We have a nice question and answer session for you today. Please be forewarned that one of the questions mentions the topic of suicide, so if you are particularly vulnerable to that topic, feel free to skip question #2.
Before we get into the questions, just a quick update on my dementia book “Does My Mom Have Dementia?” – it’s nearing completion and we’re hoping to get it out there in the next couple of months or so! Keep tuned to my social media or make sure you’ve signed up for the newsletter to stay updated!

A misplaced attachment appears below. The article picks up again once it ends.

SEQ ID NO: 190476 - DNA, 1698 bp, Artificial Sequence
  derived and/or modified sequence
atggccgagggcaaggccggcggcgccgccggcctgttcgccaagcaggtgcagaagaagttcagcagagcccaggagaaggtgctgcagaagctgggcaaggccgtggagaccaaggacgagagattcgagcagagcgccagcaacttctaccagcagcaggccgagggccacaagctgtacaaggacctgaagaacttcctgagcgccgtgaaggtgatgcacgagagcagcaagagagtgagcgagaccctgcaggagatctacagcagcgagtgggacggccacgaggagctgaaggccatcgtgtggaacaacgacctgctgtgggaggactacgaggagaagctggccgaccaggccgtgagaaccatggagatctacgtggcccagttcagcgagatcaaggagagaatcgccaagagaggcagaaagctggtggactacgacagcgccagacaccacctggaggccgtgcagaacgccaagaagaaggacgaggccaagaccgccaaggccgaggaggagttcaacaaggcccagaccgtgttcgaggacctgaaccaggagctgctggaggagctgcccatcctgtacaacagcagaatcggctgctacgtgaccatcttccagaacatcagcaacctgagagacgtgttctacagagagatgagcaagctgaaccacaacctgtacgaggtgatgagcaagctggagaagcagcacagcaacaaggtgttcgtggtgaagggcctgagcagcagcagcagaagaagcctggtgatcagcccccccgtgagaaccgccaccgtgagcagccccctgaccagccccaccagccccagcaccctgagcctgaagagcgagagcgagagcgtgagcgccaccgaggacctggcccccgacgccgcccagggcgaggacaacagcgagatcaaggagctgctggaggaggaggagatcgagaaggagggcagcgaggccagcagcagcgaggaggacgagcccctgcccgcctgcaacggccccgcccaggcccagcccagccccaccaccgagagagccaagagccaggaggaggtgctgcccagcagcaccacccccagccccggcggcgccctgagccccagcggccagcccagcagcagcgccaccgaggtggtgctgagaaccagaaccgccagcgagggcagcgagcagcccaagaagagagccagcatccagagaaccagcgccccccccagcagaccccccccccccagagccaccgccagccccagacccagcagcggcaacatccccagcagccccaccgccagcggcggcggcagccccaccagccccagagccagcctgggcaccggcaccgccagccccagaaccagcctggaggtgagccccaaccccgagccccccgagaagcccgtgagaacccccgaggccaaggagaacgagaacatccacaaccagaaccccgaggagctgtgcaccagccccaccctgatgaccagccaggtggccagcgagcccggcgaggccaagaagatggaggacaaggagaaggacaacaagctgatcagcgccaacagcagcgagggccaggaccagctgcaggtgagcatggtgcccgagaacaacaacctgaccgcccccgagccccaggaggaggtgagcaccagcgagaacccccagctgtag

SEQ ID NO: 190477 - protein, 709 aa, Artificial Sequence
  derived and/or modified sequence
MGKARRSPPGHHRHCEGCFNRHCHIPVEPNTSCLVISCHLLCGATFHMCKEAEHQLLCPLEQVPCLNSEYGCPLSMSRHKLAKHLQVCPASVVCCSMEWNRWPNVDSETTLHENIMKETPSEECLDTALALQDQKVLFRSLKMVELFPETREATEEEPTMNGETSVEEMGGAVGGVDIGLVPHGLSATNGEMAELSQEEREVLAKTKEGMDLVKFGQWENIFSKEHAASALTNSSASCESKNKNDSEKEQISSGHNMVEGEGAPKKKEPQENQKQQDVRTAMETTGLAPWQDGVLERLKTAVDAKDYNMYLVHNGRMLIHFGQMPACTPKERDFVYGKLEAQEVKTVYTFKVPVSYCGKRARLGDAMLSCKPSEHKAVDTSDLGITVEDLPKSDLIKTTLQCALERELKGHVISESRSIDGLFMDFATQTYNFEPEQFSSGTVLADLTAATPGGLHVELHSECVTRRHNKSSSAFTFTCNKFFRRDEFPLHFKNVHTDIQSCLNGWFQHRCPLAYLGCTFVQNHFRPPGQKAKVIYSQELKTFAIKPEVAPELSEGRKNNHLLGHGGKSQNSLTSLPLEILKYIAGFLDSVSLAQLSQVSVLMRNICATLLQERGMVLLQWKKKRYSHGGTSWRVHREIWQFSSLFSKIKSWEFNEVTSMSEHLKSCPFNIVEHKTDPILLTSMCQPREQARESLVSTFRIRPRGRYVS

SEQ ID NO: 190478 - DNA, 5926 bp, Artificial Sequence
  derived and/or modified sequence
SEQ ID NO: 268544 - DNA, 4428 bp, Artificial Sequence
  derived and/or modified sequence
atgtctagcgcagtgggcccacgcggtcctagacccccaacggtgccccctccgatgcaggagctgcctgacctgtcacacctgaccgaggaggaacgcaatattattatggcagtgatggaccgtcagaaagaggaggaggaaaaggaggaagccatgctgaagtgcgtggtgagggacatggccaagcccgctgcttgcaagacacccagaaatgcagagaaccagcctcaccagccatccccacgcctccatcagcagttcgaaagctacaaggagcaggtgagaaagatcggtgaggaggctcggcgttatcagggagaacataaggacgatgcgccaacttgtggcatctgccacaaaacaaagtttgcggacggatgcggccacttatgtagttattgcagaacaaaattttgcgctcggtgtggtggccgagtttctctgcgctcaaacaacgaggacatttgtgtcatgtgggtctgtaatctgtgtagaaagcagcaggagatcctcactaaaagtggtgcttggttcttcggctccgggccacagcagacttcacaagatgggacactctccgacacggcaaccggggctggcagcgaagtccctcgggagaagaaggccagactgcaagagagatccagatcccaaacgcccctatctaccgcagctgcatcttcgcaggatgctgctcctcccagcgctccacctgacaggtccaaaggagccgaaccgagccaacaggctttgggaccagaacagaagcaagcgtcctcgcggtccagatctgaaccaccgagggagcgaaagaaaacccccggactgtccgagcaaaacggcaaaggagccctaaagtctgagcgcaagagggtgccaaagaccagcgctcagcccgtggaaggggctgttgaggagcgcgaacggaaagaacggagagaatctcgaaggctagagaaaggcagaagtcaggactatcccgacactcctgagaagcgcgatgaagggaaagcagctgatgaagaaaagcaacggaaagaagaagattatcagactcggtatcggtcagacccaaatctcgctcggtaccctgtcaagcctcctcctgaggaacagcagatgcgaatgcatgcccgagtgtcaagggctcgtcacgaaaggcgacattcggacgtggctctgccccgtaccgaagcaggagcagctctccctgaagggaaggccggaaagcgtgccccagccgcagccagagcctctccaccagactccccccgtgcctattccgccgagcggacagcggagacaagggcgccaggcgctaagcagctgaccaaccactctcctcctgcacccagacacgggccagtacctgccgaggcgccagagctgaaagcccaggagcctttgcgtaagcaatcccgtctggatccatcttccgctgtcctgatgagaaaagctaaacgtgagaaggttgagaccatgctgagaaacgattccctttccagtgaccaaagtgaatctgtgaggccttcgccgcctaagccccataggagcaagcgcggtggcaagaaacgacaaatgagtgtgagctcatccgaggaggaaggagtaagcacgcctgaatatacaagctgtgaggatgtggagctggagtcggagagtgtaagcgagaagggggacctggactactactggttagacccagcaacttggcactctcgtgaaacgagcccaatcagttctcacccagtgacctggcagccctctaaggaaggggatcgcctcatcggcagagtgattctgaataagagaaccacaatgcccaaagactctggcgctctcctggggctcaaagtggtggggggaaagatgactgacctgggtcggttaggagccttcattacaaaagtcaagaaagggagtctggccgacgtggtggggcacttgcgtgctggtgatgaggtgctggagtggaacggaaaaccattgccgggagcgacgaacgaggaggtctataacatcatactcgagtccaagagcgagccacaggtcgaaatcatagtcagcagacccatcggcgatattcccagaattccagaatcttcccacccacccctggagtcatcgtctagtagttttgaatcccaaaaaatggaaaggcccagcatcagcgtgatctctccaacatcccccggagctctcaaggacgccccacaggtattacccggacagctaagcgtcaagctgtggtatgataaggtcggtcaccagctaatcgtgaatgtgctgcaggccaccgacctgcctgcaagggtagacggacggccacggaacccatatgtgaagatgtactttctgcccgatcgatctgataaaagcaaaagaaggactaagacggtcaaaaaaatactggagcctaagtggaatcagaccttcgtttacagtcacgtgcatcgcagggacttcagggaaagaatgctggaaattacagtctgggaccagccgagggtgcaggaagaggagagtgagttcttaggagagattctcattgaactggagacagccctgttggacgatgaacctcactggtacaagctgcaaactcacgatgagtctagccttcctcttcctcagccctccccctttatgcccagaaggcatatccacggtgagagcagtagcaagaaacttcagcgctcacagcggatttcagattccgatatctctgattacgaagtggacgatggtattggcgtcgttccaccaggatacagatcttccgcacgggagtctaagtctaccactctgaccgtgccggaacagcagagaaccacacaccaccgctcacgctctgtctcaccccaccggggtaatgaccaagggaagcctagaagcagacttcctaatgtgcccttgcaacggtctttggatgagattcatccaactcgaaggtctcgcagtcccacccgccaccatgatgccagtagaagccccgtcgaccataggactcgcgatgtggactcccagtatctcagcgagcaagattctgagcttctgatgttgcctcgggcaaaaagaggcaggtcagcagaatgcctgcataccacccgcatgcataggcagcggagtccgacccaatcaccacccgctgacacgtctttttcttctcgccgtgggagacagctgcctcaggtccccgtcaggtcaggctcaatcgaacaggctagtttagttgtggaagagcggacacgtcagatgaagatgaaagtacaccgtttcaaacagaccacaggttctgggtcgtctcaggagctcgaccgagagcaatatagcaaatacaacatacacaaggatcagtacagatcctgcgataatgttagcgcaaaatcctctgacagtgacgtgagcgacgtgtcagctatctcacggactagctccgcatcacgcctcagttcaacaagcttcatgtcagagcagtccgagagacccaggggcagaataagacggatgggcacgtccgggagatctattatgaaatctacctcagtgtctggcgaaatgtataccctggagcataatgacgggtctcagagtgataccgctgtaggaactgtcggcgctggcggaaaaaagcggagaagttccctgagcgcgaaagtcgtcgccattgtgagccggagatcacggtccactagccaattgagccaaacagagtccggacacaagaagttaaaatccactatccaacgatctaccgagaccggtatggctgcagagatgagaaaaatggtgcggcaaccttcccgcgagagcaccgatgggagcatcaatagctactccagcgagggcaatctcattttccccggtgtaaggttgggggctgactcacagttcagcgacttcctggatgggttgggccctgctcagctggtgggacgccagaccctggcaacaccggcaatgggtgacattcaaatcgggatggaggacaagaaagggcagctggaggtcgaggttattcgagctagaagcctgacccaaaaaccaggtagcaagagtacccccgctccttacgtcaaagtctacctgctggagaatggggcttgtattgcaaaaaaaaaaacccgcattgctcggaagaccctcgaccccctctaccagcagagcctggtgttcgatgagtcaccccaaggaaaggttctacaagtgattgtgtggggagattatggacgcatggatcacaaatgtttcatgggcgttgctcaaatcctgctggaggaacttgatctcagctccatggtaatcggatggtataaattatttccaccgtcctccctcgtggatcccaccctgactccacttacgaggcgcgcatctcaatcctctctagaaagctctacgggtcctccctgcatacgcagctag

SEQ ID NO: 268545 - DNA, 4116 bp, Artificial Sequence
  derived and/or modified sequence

Hello doctor. I have been reading through your website/blogs/listening to podcasts and love what you do as well as your style and approach. I also bought your book which is the best help I have received in a while in my search for a better self. I appreciate you. Now enough of the hippie shit . . . I have an issue that is a bit different than anything I have read on your site (obviously might have missed it) and I would love your thoughts. The first time I ever had extreme anxious feelings and panic attacks was when I was pursuing my career as a teacher. It was during the end of my schooling while doing student teaching (internship) at a school I was miserable at. I dreaded the idea that I had spent all this time working on something and then hating it. I started having panic attacks and ended up having to quit that internship. Thank the fates that my next one was way better and I found my love for teaching again. Fast forward to my first job as a teacher and it was not a good fit, but probably could have worked out . . .my thoughts drove me into another series of panic attacks and I ended up leaving this short term job early by lying about being sick.One more fast forward to now. I have been teaching for 15 years in the same district and love my job and the people I work with. However, after a medical procedure recently I had another panic attack episode and going back to work scared me more than anything. Any time I would think about work the attacks grew stronger. I am working on the exposure techniques you write about, but here goes . . . Finally my question . . . Is there any other/further technique for losing my association of work with my first anxiety attack? I feel like life would be so much better if I could still go into work even when going through anxiety ridden/panicked episodes.